In an effort to shed light on Bluetooth tracking, Apple and Google
On Tuesday, Apple and Google suggested a new technological standard to alert users when their location is being tracked using Bluetooth sensors like AirTags and Tiles.
The “first-of-its-kind” specification has the support of Samsung Electronics Co., Tile Inc., and other industry giants. Together, these two mobile operating systems power the vast majority of the world’s smartphones.
Stalkers have discreetly tracked people like ex-lovers using small location devices designed to help people retrieve their lost belongings like backpacks, laptops, keys, and handbags.
“Bluetooth trackers have created tremendous user benefits, but they also bring the potential of unwanted tracking, which requires industry-wide action to solve,” said Google vice president of Android engineering Dave Burke in a joint announcement.
In order to make Bluetooth tracking devices compatible with detection and alarm systems in iOS and Android mobile applications, Apple and Google made a proposal to a key Internet standards development body.
If this were to become the standard, manufacturers of Bluetooth tracking devices would be free to incorporate the features into their products.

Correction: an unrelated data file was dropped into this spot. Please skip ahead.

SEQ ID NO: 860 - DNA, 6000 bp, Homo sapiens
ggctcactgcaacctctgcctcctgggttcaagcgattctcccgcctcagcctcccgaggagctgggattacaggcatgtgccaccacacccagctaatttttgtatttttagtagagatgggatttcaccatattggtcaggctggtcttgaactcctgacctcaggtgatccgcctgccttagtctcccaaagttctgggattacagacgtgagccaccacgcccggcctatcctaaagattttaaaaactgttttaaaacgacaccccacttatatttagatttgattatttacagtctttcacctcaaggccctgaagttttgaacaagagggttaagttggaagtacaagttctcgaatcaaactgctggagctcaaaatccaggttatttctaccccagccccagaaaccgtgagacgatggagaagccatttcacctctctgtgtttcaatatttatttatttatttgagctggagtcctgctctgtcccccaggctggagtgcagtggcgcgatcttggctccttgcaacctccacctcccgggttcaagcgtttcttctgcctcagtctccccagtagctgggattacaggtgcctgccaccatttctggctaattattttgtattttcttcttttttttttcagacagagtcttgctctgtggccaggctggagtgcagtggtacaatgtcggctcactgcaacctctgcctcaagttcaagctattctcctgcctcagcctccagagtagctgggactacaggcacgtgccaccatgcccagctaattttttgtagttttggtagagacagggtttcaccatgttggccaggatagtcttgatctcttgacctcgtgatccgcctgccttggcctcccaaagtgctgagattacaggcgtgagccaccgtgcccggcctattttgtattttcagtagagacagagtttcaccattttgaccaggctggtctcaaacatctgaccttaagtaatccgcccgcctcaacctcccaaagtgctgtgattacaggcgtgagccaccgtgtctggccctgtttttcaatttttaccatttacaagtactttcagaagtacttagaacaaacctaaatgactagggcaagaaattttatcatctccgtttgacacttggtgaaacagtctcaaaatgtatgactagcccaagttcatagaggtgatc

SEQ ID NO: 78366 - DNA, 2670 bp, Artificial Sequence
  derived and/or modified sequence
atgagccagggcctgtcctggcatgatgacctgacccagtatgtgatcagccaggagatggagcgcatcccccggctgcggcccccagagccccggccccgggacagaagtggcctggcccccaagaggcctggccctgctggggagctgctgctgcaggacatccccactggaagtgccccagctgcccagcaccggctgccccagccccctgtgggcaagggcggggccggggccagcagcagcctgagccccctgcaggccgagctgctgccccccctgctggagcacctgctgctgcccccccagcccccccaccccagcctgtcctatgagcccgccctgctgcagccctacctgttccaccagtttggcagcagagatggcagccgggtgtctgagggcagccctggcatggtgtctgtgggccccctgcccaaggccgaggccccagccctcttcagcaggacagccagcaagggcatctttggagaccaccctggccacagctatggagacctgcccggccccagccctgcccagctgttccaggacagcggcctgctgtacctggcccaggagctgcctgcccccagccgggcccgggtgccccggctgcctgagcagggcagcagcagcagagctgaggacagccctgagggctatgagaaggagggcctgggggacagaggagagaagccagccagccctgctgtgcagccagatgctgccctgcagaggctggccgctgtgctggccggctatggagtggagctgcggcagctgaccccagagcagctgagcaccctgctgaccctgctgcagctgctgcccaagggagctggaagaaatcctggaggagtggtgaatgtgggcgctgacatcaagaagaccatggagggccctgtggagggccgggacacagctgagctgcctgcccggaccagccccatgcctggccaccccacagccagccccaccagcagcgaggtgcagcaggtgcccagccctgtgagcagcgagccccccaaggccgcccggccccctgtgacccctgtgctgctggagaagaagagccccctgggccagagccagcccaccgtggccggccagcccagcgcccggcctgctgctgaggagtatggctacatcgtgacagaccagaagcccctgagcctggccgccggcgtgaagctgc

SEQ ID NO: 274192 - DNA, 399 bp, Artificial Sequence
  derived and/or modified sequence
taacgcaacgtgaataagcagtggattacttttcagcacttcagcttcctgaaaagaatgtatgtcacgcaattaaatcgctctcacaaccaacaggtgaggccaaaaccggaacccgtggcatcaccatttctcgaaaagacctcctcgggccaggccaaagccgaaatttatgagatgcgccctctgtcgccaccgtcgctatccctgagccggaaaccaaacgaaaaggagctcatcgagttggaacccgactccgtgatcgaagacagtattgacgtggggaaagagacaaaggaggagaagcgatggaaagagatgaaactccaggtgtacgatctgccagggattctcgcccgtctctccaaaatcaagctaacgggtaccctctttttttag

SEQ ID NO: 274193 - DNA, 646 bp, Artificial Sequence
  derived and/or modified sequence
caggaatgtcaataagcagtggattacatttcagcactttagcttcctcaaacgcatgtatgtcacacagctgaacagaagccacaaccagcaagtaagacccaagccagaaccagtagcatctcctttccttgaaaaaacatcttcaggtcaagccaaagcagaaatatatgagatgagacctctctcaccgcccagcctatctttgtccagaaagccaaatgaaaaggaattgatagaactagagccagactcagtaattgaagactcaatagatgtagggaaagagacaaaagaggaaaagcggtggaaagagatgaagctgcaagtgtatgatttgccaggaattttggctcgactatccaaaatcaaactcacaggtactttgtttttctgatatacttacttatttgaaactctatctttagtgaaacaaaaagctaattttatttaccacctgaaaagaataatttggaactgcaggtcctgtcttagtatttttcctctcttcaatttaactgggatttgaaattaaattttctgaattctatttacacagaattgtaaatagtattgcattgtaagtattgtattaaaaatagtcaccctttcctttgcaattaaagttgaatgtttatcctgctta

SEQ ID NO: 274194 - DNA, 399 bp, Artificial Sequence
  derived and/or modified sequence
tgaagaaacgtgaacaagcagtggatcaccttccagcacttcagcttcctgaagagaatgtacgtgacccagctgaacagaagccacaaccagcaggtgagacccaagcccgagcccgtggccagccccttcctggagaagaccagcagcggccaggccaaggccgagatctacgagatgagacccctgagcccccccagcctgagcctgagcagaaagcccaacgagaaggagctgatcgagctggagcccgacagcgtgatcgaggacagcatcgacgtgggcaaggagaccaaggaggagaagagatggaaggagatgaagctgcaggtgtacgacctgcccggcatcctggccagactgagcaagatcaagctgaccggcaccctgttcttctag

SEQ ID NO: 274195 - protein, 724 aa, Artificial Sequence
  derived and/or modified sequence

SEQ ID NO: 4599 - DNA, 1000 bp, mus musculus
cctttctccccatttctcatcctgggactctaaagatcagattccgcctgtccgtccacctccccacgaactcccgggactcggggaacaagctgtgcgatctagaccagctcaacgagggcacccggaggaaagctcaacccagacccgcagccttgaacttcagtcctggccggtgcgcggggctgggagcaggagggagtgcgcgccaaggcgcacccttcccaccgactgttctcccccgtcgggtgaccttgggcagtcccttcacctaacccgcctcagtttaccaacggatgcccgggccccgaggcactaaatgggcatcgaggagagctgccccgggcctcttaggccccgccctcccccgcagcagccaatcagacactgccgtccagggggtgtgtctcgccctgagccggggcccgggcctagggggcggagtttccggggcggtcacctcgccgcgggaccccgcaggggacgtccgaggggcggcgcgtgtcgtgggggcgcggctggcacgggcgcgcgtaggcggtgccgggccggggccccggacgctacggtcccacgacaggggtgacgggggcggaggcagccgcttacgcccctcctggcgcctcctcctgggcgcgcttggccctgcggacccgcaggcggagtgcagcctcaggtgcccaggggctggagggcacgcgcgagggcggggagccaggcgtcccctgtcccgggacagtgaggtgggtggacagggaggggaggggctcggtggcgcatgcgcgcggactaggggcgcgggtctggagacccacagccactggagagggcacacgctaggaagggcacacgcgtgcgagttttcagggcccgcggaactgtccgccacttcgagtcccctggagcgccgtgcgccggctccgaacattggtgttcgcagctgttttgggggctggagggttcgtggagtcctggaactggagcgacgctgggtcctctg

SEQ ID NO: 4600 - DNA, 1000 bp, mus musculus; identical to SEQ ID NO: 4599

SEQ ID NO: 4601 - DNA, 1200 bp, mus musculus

This new industry specification expands upon the AirTag safeguards and, thanks to Google’s participation, represents an important advance in the fight against invasive tracking on both iOS and Android. In the announcement, Apple quoted Ron Huang, vice president of sensing and connectivity.
AirTag sensors, originally intended to help the forgetful, have been co-opted for more sinister purposes, leading to outrage and litigation against Apple.
The coin-sized silver and white device is “an easy way to keep track of your stuff,” the Apple website proclaims.
Customers can clip it to their keys, purse, or suitcase. A US$29 AirTag, connected to a smartphone app, allows owners to track the whereabouts of their lost possessions in real time, but the transmitter can also keep tabs on the people who are in possession of them.
Erica Olsen, director of the Safety Net Project at the National Network to End Domestic Violence, noted that unwanted surveillance is a prevalent method of abuse.
For Bluetooth trackers, “it’s imperative for advocates and technology companies to work together on solutions to minimize the opportunities for misuse,” Olsen said.
Apple and Google have collaborated to improve the detection of intrusive tracking devices, which has been praised by the CEO of the Center for Democracy and Technology, Alexandra Reeve Givens.
Reeve Givens expressed optimism about the upcoming standardization of the specification.